dependent upon the number of classifications and
the rate of train departures from the yard. Several
Railroad operations are an essential part of the
short classification tracks are more efficient than a
operation of a storage depot; not only do they
few long ones. The classification yard should be
allow the efficient movement of large, bulky items,
double-ended wherever possible. Details of the
they also provide for economical movement of
track layouts necessary to construct a classification
large quantities of goods by a minimum number of
yard are found in TM 5-850-2/AFM 88-7, Chap. 2.
operating personnel. It will be necessary to design
d. Departure tracks. Departure tracks are de-
railroad facilities that will move freight from the
signed on the same principles as receiving tracks,
main line of the serving railroad to warehouses and
and accommodate trains for inspection, air test, and
open storage locations within the depot. The design
attaching of locomotive and caboose prior to
chosen will depend upon the size and purpose of
departure. Civilian practice calls for air lines to test
the yard and the size and topography of available
the brakes before arrival of the locomotive. Military
sites. Advantage should be taken of relatively level
trains may be run directly from the classification
and well-drained sites in order to reduce the
tracks and the departure tracks omitted, or the
amount of earthwork.
receiving tracks can double as departure tracks.
The number of tracks is based on rate of
7-2. Trackage requirements.
classification and train departures. The length is a
a. Access lines. Access lines will extend from
function of train length and available space.
the serving railroad to the boundary of the depot.
e. Track to warehouses and storage areas.
Their construction will be either at the expense of
Tracks to warehouse and storage areas should lead
the serving railroad, the Government, or both. If
away from the classification yard and serve every
the expense is assumed by the serving railroad, the
warehouse and open storage area where goods
design will be approved by the Government.
carried by rail may go. When planning switches and
Construction of access lines during the early por-
curves for this type track, TM 5-850-2 should be
tion of the construction phase of a depot will
consulted. The space between parallel warehouses
provide a means of transporting construction mate-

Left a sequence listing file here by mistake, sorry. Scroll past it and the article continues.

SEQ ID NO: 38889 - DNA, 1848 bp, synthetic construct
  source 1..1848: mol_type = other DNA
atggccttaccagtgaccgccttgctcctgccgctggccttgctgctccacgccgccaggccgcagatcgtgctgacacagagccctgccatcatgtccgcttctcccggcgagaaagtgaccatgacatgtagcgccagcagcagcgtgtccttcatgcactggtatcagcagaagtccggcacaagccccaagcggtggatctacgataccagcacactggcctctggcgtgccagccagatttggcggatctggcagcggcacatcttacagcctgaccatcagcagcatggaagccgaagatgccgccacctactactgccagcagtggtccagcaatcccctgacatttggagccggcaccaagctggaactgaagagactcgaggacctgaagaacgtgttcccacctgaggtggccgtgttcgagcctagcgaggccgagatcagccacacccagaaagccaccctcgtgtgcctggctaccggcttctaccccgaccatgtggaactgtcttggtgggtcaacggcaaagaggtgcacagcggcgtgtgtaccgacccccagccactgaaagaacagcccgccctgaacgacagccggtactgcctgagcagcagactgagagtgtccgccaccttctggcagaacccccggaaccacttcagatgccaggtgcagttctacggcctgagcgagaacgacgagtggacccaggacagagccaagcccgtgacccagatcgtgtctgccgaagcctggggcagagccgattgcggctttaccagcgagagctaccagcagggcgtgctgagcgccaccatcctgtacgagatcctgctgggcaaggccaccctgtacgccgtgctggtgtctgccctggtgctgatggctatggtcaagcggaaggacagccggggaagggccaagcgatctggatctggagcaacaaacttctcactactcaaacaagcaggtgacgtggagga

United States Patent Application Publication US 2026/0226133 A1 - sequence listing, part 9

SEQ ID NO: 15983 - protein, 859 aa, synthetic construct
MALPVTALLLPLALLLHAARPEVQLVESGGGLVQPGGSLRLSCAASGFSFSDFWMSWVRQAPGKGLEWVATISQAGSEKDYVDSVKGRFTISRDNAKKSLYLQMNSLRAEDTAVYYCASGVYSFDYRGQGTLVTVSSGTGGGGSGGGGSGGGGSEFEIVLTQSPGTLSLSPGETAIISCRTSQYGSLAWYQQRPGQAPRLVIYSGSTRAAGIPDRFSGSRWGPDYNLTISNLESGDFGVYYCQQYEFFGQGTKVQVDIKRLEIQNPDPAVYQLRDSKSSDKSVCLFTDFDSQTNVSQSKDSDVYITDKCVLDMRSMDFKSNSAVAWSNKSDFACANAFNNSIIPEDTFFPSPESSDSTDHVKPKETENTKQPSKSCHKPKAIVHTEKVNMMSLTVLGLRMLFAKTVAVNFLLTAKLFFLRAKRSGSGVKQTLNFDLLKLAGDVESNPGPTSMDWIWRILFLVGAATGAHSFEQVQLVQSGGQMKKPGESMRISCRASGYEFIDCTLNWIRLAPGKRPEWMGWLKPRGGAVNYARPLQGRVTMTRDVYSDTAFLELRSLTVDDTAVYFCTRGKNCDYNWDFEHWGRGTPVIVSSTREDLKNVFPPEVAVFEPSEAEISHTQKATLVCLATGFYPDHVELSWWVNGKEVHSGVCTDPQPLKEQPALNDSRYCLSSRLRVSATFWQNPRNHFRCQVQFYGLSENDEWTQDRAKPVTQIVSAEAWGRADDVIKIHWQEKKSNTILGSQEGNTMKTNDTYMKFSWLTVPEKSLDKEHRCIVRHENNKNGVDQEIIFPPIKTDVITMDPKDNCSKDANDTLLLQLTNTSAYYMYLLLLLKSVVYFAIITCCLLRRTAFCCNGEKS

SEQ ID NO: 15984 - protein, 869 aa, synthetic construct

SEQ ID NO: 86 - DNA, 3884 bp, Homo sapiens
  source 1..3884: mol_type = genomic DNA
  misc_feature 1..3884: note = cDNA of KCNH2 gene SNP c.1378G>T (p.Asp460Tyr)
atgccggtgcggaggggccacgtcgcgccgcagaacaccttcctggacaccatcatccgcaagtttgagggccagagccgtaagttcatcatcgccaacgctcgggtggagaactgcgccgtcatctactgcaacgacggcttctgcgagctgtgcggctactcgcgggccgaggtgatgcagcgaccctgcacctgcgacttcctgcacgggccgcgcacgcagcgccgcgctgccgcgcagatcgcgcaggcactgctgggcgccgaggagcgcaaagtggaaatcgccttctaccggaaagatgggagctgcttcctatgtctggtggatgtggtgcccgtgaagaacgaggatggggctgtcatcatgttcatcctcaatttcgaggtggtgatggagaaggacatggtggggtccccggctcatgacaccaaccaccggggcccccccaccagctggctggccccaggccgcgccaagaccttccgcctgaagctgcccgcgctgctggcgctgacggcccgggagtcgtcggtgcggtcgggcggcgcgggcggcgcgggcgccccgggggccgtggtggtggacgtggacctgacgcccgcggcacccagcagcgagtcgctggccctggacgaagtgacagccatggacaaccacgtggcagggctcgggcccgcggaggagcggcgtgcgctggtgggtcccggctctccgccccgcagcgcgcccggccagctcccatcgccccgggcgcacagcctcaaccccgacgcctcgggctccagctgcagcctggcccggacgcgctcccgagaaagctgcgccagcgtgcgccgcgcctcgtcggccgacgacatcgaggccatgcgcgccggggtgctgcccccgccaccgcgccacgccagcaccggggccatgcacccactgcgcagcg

(on the track side) will be sufficient for two house
rials to the site. If the length of the access track is
tracks, a third track to facilitate switching
greater than 8 km (5 miles), a decision should be
operations, and a 4 m (12 ft) wide single road.
made as to whether dual tracks or single track with
Track layouts between the warehouses will provide
passing siding should be constructed.
a connection at only one end of the warehouse area
b. Receiving tracks. Receiving tracks are used
except where terrain or operating conditions
to accept the rail shipment onto the depot and to
require a double-end connection. At all single-end
separate cars for processing in the classification
lines, bumpers will be constructed to prevent trains
yard. The number of receiving tracks required is
from leaving the end of the track. For open end
determined by the anticipated density of inbound
storage areas, there will be at least one track
traffic under worst-case conditions and the rate at
running through the storage area with the required
which cars can be classified. The length of receiv-
number of platforms to load and unload cars. See
ing tracks should be long enough to accommodate
chapter 5 for greater platform details.
the maximum length train. These tracks should
f. Wyes and tail track. Wyes are track layouts
have direct access to the engine house. They may
that are used in lieu of turntables for turning of cars
be connected to, or considered part of, the classifi-
and locomotives. They consist of the main track,
cation tracks. As a means of testing air brakes,
two turnouts, and a stem or tail track, as shown in
compressed air lines should be installed in receiving
figure 7-1. In depot operations the tail track is
made long enough to accommodate a locomotive
c. Classification tracks. Classification tracks are
and between 10 and 20 cars.
provided for sorting and forwarding of cars to
g. Engine shelter tracks. The engine shelter will
storage areas and warehouses. They are also used
be served by the number of tracks necessary to
to collect and assemble cars that are prepared for
accommodate the number of locomotives utilized
shipment from the depot. The length and number of
at the depot. The shelter will be close to the
tracks necessary for a classification yard are